Larger than the planet Mercury, and with an atmosphere denser than the Earth’s, Saturn’s moon Titan is only the second-largest moon in the solar system, but definitely the most unusual.
Unique among all other moons in the solar system, Titan possesses an atmosphere, one that is sufficiently thick enough for clouds to form, in addition to wind and rain. Deeper probing by NASA’s Huygens probe revealed the presence of huge lakes, rivers and seas covering the moon’s surface. Of course, the weather is rather more alien than what we experience on Earth—Titan’s atmosphere is mostly composed of a mix of nitrogen and methane, rather than oxygen. As a result, Titan’s rain and its great oceans are almost pure liquid methane.
The presence of liquid on Titan’s surface, coupled with a protective atmosphere, raised some interest in regards to the possibility of life emerging there. But such questions run afoul of one of the biggest uncertainties in the search for alien life: is oxygen and water an essential component of life, or is it possible for life to thrive on other chemicals, instead? Could a life form emerge that breathes the nitrogen air as freely as our oxygen, and to whom liquid methane is as life-giving as water?
Some scientists believe it is possible. A team from Cornell University has recently revealed a hypothetical model of a cell structure that is formed out of nitrogen, carbon and hydrogen, wrapped in a methane shell. All these elements are present in Titan’s atmosphere. The researchers expressed some surprise at their successful working model: ‘We didn’t come in with any preconceptions about what should be in a membrane and what shouldn’t,” said Paulette Clancy, a chemical molecular dynamics expert on the Cornell team. “We just worked with the compounds that we knew were there and asked, ‘If this was your palette, what can you make out of that?’”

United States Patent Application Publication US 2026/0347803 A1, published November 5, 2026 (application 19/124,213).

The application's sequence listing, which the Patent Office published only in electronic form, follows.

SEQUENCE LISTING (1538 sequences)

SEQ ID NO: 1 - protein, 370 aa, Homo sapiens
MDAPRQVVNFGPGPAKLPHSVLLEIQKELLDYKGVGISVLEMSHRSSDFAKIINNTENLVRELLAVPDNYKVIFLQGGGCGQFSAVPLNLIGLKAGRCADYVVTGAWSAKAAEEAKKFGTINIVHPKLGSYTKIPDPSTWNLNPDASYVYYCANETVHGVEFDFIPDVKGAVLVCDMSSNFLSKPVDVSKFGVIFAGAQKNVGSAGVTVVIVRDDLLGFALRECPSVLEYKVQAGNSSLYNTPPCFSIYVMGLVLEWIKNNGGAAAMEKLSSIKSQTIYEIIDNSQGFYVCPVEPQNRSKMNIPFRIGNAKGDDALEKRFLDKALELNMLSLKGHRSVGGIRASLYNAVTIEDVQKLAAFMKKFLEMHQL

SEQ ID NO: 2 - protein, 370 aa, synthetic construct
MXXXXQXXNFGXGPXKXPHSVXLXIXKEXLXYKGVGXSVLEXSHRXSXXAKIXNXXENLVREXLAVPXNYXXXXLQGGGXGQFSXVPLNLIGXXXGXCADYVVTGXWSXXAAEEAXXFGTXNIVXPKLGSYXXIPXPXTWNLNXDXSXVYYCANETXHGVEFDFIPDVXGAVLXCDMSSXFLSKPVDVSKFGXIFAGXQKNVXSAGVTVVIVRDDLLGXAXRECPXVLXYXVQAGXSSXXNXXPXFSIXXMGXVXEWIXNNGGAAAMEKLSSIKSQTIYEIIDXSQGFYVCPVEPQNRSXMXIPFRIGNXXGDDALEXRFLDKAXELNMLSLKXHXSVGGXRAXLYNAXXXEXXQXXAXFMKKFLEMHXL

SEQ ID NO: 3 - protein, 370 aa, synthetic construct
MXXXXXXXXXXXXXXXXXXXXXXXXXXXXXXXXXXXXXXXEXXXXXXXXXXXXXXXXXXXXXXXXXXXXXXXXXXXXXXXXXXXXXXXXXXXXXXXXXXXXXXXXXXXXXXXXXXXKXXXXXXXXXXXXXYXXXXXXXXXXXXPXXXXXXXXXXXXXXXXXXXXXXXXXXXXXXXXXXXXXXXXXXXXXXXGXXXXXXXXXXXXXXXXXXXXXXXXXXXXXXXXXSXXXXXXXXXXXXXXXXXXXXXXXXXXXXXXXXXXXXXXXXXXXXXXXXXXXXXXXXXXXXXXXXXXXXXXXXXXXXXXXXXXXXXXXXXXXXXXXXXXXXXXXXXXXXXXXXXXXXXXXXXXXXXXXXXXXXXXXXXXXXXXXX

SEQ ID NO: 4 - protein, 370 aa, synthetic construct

Furthermore, analysis of the atmosphere conducted by NASA’s Cassini probe has revealed the presence of hydrogen cyanide in Titan’s atmosphere, which some scientists believe adds extra weight to the possibility of life. This is because hydrogen cyanide can react to form complex polymers such as polyimide, a complex and adaptive molecule which is essential for the formation of life. ‘‘Polyimine can exist as different structures, and they may be able to accomplish remarkable things at low temperatures, especially under Titan’s conditions’’, said chemist Martin Rahm from Cornell University. Simulations run by Rahm and his team demonstrated how polyamine could react in Titan’s frigid temperatures to give way to life – at least, in theory. ‘‘Prerequisites for processes leading to a different kind of life could exist on Titan, but this is only the first step’’, Rahm said.
There are, of course, some major obstacles. The temperatures on Titan are generally in the range of -172 C and Titan only receives about 1% of the light the Earth does. But certain organisms on Earth can and do survive in extreme colds and total darkness. Although life on Titan, should it exist, is unlikely to be particularly advanced or complex, confirmation of life existing outside Earth would radically alter mankind’s perception of the outer universe. If life can emerge twice in the same solar system, then one would assume that the rest of the galaxy is similarly teeming with life.
– Greg Taylor, Correspondent (Science)